if (!strcasecmp(result,"Cancel")) return MSGBOX_CANCEL;
 invalid_programmed_response();
return 0;
}

int CInterfaceNone::msgBoxYesNo(char *title, char *text, ...) {
 char *result= lookup(title,text,"(unspecified)");
 va_list al;
 va_start(al,text);
 message_only("Yes" "/" "No", title, text, al, result);
 va_end(al);
 if (!strcasecmp(result,"Yes")) return MSGBOX_YES;
 if (!strcasecmp(result,"No")) return MSGBOX_NO;
 invalid_programmed_response();
 return 0;
}

creating a ramdisk for testing.

http://www.vanemery.com/Linux/Ramdisk/ramdisk.html (I am on ubuntu 6.10 here, details may vary)

$ ls -l /dev/ram*
brw-rw---- 1 root disk 1,  0 2007-04-08 20:10 /dev/ram0
brw-rw---- 1 root disk 1,  1 2007-04-08 20:10 /dev/ram1
brw-rw---- 1 root disk 1, 10 2007-04-08 20:10 /dev/ram10
brw-rw---- 1 root disk 1, 11 2007-04-08 20:10 /dev/ram11
brw-rw---- 1 root disk 1, 12 2007-04-08 20:10 /dev/ram12
brw-rw---- 1 root disk 1, 13 2007-04-08 20:10 /dev/ram13
brw-rw---- 1 root disk 1, 14 2007-04-08 20:10 /dev/ram14
brw-rw---- 1 root disk 1, 15 2007-04-08 20:10 /dev/ram15
brw-rw---- 1 root disk 1,  2 2007-04-08 20:10 /dev/ram2
brw-rw---- 1 root disk 1,  3 2007-04-08 20:10 /dev/ram3
brw-rw---- 1 root disk 1,  4 2007-04-08 20:10 /dev/ram4
brw-rw---- 1 root disk 1,  5 2007-04-08 20:10 /dev/ram5
brw-rw---- 1 root disk 1,  6 2007-04-08 20:10 /dev/ram6
brw-rw---- 1 root disk 1,  7 2007-04-08 20:10 /dev/ram7
brw-rw---- 1 root disk 1,  8 2007-04-08 20:10 /dev/ram8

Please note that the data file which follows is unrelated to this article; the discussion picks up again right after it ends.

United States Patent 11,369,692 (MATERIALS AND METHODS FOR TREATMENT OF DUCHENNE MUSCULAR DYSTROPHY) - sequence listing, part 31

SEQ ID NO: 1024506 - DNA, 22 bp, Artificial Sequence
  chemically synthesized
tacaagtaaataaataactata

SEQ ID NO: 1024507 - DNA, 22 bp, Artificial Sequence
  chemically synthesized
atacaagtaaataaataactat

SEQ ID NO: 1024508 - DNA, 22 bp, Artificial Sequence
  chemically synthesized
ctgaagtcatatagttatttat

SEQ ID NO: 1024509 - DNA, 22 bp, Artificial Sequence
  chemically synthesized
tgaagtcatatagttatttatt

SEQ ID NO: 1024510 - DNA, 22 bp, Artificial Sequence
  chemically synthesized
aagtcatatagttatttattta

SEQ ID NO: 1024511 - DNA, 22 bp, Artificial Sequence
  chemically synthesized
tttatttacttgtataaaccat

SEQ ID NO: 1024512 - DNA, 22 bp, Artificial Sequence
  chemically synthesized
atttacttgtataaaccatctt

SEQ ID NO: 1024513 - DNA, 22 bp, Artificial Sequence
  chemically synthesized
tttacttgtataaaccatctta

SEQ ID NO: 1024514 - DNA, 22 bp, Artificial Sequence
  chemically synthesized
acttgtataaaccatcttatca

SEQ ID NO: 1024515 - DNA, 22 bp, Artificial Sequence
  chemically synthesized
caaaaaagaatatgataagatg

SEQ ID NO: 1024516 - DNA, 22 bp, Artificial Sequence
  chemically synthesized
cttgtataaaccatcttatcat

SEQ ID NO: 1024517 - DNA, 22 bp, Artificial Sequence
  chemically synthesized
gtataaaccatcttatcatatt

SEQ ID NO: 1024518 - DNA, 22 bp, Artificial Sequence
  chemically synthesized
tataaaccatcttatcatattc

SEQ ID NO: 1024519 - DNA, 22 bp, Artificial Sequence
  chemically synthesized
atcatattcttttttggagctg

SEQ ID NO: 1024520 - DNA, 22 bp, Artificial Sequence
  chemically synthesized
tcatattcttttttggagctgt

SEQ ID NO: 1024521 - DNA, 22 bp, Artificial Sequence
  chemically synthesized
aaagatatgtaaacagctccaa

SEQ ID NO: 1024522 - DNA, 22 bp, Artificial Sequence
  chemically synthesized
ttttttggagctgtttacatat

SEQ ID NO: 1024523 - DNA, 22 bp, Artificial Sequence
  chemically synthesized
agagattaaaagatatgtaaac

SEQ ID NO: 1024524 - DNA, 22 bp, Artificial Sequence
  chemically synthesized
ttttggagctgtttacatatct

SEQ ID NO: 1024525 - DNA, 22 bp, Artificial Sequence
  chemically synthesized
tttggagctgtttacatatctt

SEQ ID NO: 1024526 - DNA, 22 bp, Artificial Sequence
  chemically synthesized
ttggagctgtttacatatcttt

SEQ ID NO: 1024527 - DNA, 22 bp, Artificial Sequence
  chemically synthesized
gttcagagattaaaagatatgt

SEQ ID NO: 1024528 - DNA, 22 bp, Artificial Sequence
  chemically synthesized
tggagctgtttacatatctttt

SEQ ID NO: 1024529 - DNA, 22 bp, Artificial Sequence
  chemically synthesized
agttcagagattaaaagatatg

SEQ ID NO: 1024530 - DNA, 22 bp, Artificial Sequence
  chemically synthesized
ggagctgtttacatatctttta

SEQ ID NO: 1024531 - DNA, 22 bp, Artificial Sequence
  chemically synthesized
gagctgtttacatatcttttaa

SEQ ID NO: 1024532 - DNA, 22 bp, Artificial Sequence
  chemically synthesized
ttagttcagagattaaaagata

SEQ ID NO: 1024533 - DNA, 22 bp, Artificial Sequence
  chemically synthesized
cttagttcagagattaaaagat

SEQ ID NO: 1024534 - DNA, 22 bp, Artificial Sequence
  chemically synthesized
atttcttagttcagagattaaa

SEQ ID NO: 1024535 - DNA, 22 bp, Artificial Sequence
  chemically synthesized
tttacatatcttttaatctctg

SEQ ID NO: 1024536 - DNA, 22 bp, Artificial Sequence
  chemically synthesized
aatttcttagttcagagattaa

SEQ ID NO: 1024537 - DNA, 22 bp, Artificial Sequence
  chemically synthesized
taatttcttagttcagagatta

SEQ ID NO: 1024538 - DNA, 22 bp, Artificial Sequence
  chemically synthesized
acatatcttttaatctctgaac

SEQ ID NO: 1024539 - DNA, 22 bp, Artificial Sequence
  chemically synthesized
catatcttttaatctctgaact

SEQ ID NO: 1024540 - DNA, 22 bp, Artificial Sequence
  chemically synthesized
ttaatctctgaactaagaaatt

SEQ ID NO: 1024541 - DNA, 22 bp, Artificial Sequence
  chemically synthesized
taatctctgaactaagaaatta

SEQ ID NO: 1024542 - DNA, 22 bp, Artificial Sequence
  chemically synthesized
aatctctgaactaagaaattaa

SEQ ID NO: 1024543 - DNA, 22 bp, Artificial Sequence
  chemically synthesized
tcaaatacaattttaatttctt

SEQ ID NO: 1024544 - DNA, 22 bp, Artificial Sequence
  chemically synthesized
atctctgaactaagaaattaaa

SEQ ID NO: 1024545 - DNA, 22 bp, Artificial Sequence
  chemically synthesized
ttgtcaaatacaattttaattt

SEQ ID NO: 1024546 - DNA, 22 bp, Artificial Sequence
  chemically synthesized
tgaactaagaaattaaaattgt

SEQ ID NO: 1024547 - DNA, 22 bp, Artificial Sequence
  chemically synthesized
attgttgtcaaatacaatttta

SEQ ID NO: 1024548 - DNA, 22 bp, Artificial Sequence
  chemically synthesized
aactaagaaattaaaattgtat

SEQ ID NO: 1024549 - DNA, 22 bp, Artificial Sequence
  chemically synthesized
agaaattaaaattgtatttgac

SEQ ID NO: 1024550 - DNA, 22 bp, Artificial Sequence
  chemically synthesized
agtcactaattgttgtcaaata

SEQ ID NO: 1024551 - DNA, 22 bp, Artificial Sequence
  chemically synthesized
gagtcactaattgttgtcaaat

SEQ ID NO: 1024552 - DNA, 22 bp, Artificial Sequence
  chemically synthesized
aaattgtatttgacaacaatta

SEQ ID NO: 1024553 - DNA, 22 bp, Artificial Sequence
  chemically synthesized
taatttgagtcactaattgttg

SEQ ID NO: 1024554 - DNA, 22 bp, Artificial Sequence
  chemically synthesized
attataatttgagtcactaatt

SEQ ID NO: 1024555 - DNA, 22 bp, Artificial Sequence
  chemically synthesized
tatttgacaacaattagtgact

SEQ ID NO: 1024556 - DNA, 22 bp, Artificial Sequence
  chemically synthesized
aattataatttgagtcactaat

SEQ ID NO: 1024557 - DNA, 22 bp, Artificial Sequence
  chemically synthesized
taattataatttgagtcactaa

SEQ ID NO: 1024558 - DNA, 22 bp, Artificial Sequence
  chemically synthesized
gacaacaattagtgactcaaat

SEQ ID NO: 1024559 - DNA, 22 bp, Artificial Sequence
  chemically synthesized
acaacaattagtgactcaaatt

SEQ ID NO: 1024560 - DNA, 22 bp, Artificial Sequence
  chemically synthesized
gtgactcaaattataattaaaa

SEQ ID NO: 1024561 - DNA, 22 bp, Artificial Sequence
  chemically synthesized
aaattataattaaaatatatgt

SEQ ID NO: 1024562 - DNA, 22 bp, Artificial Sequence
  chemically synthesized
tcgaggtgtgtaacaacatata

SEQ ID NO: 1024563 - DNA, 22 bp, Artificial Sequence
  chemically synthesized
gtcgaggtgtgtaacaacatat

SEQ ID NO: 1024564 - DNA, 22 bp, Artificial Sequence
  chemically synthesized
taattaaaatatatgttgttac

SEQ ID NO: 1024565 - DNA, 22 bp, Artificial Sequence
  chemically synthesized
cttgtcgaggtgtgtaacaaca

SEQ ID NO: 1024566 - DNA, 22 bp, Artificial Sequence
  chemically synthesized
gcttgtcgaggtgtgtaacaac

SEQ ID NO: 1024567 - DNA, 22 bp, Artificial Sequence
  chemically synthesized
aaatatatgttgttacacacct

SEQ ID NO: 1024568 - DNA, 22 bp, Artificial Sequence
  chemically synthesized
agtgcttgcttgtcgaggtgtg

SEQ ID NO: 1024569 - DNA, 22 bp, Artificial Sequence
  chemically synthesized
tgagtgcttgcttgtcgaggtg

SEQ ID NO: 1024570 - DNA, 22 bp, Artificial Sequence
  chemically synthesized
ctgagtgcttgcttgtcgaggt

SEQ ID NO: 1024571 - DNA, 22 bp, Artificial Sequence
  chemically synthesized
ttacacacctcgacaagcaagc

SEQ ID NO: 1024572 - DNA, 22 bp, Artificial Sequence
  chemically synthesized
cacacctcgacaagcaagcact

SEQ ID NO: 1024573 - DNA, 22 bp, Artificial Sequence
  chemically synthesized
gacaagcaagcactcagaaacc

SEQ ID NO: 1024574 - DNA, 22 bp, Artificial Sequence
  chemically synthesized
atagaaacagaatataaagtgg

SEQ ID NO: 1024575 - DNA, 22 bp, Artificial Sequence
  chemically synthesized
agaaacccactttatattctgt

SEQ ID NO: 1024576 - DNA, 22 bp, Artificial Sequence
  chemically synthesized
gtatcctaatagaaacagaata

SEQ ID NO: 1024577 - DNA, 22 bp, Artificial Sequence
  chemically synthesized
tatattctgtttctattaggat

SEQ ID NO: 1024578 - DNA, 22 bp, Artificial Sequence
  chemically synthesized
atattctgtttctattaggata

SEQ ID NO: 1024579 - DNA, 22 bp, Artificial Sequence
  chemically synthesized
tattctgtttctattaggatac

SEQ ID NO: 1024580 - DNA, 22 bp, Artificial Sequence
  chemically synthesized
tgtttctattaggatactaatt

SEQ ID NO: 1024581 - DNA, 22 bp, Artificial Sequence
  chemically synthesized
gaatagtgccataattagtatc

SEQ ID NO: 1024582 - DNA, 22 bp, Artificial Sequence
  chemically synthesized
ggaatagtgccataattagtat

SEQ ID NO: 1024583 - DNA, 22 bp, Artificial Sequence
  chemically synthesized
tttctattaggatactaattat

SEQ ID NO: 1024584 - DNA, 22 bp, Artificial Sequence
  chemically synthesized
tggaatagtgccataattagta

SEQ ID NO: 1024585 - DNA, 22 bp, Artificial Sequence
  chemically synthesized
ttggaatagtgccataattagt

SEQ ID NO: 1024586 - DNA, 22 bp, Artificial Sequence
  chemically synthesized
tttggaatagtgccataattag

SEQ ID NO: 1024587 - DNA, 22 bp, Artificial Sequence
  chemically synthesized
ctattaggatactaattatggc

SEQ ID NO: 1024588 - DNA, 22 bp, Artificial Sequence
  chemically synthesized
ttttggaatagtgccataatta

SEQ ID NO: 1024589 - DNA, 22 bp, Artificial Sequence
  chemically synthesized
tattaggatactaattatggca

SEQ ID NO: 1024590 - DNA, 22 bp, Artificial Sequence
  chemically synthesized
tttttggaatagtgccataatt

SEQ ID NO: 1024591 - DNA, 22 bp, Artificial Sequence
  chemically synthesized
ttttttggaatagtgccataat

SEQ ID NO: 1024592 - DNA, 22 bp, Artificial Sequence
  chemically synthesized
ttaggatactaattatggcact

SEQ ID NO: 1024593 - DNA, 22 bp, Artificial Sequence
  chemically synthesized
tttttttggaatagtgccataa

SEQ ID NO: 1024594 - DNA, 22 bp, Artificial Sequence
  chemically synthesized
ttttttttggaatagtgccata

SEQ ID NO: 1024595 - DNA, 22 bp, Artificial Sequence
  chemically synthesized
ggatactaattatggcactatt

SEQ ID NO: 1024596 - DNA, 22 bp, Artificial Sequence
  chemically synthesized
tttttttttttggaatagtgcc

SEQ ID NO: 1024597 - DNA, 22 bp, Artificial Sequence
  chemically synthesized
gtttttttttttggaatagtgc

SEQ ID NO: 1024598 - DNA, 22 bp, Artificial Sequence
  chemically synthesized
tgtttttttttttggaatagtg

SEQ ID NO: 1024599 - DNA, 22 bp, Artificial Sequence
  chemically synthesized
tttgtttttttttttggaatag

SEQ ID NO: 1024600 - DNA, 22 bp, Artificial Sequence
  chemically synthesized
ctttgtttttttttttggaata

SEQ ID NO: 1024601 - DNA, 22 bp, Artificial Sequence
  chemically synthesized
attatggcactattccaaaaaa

brw-rw---- 1 root disk 1,  9 2007-04-08 20:10 /dev/ram9

create and mount test ramdisk

# mke2fs /dev/ram0
# mkdir /media/ram0
# mount /dev/ram0 /media/ram0

add a test file and unmount the disk

# echo "test data #1." >> /media/ram0/foo.txt
# umount /media/ram0

the above, as a script:

#!/bin/bash
# create and mount test ramdisk
mke2fs /dev/ram0
if [ ! -d /media/ram0 ]; then
    mkdir /media/ram0
fi
mount /dev/ram0 /media/ram0
#add a test file and unmount the disk
echo "test file." >> /media/ram0/foo.txt
date >> /media/ram0/foo.txt
cat /media/ram0/foo.txt
umount /media/ram0

Create & run script (as root, because it (un)mounts a file system, and creates a dir in a root owned folder):

$ gedit mkram.sh
$ chmod ug+x mkram.sh
$ sudo ./mkram.sh

Wierdly, partimage won’t run in full batch mode without a second part to the -B switch, even if it’s set up to not need to ask any questions. Supplying a dummy “x=y” seems sufficient to fool it.

Runing as root without asking for partition description works:

$ sudo ./partimage -d -B x=y save /dev/ram0 ram0.img

Restore image to a different ramdisk and check file:

$ sudo ./partimage -B x=y restore /dev/ram1 ram0.img.000
$ sudo mount /dev/ram1 /media/ram1
$ cat /media/ram1/foo.txt
test file.
Mon Apr  9 12:56:59 BST 2007

Success!

Script for checking file in saved partition:

#!/bin/bash
# mount and check restored ramdisk
if [ ! -d /media/ram1 ]; then
    mkdir /media/ram1
fi
mount /dev/ram1 /media/ram1
cat /media/ram1/foo.txt
umount /media/ram1

To debug in KDevelop as root (in ubuntu):

  • alt-F2 (run)
  • gksudo kdevelop
  • open project… (go find existing copy)

So in summary, I have made progress in understanding the ways of this useful utility, and am a step closer to making a useful contribution to the project.

The rambling nature of this post reflects the way in which one begins to understand a new program. Hopefully it’s not too hard to follow, or pick out the useful pieces. All feedback gratefully appreciated.

Tim.